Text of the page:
But there’s tremendous potential in Windsor-Essex for a thriving arts industry that encompasses theatre, film, and everything else if we all work together to make it a reality. Stratford didn’t start out as the Stratford we know today. Neither did Broadway. Neither did Hollywood. These places became centers of arts-based economies in large part because governments at every level, economic leaders, philanthropists, and most importantly everyday citizens decided the arts were worth their investment. Windsor could become an artistic hub, a region exploding with arts-driven economic activity, a region that not only gives artists a reason to live and pay taxes here but draws in artists and investors from the rest of the country and the world. It also could easily become a destination spot for arts tourism with coordination, cooperation, and investment. Our region already draws some tourists to its theatre productions and to history-based theatre efforts like The Rum Runners Tour. But what we’re seeing is the tiny tip of a very large iceberg.

So, one of the purposes of (up)Staged, aside from providing eight episodes of hilarious entertainment, is to give the citizens of Windsor-Essex a large-scale artistic project they can invest in with confidence, while also pulling in investment from other regions, provinces, and countries. There are dozens of local artists involved in this project who need to be paid for their work. They will be paid through a combination of sponsorships, grants, and crowdfunding. Yep. You read that right. Crowdfunding. This is the 21st century after all. Crowdfunding is the driving force behind many projects these days, so (up)Staged will commence a Kickstarter campaign on 1 May 2024. You’ll be invited to contribute to this campaign to show your support for this project, to ensure artists get paid for their work, to help create a great series that will show Windsor off to the world, and to bring in global revenue that can then be used to invest in other artistic projects in our region to kickstart the development of an actual arts industry in Windsor-Essex. (up)Staged is intended to be the first step, not the last, in a process of investment in multiple projects and continued investment over many years. Every dollar that we, the citizens of Windsor-Essex, contribute to the Kickstarter campaign will bring in several dollars from other parts of the world.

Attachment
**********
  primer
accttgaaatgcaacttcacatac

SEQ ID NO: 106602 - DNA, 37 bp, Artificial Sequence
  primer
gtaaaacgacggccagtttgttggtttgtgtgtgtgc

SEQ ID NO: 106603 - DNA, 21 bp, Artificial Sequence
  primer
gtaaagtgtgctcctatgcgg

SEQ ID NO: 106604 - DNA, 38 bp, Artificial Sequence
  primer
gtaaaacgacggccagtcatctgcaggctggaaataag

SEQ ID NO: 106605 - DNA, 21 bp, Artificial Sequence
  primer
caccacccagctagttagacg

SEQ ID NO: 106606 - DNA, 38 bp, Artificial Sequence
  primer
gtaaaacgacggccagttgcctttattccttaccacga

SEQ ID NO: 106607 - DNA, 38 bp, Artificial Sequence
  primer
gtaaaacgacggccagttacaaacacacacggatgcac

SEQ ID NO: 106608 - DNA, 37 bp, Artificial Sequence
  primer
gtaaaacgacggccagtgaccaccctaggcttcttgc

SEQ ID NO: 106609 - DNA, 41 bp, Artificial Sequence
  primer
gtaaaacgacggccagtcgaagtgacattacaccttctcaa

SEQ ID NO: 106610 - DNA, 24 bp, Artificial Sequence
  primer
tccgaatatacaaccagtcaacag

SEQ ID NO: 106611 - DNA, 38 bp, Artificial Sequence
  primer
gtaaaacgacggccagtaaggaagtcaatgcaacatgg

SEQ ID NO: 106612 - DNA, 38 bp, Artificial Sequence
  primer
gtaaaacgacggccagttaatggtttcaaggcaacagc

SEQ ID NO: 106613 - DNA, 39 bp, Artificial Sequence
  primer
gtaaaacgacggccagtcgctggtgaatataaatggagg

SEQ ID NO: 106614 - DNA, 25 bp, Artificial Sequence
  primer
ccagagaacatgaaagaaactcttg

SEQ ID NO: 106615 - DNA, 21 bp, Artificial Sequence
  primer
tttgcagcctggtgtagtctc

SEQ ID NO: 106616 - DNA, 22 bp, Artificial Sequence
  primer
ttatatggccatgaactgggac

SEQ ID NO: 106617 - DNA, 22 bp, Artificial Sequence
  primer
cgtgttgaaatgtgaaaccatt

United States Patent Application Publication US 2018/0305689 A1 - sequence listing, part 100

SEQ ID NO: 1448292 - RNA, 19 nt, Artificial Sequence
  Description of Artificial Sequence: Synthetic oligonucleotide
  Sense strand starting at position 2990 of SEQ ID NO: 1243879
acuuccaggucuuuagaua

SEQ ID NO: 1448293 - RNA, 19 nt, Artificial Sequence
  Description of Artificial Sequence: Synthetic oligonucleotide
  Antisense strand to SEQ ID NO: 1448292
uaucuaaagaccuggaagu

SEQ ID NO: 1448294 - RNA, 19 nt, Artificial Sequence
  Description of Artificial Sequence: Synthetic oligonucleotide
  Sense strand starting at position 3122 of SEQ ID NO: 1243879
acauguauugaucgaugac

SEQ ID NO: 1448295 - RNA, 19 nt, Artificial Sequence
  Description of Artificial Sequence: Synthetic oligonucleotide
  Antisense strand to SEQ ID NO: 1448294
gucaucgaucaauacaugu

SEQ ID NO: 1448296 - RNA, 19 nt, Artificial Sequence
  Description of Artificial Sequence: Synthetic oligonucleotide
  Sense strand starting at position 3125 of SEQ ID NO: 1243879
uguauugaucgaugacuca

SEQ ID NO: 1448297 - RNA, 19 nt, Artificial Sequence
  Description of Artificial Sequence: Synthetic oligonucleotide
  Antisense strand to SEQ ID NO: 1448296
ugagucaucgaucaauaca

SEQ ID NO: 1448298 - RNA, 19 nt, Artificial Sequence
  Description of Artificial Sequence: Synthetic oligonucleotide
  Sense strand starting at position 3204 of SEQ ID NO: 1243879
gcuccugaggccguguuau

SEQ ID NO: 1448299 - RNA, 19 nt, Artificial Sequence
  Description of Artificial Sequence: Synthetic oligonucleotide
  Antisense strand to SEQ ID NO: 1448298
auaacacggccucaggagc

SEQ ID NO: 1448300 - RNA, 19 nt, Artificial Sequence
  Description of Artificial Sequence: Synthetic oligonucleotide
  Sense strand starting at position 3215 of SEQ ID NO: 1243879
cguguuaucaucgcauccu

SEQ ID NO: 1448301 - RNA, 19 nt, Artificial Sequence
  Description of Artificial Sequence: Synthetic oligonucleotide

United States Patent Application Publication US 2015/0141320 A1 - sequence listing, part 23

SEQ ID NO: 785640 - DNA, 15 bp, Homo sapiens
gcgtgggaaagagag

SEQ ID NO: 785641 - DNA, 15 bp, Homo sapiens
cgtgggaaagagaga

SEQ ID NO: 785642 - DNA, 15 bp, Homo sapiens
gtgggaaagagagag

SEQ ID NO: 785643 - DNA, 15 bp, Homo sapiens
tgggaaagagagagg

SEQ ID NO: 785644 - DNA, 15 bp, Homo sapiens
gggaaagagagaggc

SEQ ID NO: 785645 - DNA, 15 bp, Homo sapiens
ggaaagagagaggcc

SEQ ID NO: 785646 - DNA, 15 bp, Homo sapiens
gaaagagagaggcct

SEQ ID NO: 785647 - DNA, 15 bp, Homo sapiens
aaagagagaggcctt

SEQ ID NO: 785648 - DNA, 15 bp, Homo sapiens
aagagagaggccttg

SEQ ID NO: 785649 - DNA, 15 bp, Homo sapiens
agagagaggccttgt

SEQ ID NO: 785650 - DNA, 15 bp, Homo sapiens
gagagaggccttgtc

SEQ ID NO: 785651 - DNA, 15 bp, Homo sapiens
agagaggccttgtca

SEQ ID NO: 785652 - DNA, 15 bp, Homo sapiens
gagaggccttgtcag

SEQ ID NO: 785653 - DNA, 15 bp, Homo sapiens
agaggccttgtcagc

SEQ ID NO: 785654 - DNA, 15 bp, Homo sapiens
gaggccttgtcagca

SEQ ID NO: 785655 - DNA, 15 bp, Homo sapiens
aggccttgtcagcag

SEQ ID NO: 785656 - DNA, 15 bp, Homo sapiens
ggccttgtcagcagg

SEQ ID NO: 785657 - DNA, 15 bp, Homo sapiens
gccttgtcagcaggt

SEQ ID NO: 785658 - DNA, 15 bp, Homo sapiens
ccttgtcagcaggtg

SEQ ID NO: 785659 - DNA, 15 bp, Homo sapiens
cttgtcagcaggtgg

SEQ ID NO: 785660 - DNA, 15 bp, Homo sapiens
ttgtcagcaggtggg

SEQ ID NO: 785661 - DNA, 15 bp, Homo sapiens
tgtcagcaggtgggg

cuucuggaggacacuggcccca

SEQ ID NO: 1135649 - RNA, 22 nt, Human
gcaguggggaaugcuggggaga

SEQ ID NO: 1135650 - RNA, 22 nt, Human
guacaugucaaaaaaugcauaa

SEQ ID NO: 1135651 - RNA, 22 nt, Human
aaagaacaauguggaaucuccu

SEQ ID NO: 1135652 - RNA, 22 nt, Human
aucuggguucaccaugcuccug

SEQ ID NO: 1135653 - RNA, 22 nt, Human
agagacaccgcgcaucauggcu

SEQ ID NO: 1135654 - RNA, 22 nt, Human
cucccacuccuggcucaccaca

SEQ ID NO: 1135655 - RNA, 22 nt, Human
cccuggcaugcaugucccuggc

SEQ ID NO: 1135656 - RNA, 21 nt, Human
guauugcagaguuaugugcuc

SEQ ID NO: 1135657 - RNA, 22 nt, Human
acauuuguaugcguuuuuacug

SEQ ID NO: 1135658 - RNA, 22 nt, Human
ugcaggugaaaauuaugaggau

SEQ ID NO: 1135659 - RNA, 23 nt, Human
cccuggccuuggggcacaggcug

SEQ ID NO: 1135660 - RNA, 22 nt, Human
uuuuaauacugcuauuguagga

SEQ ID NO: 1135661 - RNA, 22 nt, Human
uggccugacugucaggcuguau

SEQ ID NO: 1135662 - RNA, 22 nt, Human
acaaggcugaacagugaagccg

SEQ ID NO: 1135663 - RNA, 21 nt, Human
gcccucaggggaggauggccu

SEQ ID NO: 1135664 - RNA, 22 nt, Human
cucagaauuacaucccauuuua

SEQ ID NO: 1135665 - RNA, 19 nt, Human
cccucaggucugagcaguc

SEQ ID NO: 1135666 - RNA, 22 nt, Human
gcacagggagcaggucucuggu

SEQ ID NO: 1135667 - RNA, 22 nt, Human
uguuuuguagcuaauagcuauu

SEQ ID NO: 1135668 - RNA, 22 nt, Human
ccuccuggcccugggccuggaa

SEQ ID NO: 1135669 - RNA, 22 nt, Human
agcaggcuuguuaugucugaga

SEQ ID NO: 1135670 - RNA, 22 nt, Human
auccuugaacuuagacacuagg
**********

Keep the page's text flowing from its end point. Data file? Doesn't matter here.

With your help, we can make this happen! There’s already a who’s who of local talent involved in (up)Staged – including a production team that features Ken Amlin, Mitchell Branget, Walter Riggi, Dan and April Savoie, Shane Trowbridge, and more. Rebecca S. Mickle has been hired to coordinate the Kickstarter and sponsorship campaigns and to run the social media accounts that we’ll use to keep you informed about the project as it develops and continually encourage you to support the campaign. Finally, 39 roles are in the process of being cast. The first round of auditions brought in submissions from more than one hundred local actors. Throughout April, we’ll be digging through all of these submissions and scheduling callbacks to finalize our cast. We already know that we have our work cut out for us. There are so many incredible actors in this region that it’s going to be a difficult, nail-biting, task to decide who’s going to play each of the ridiculously fun roles written into the series.

Stay up to date on the development of (up)Staged by following our social media accounts and encouraging your friends and family to do the same! You can find all of our social media accounts and our website at our link tree: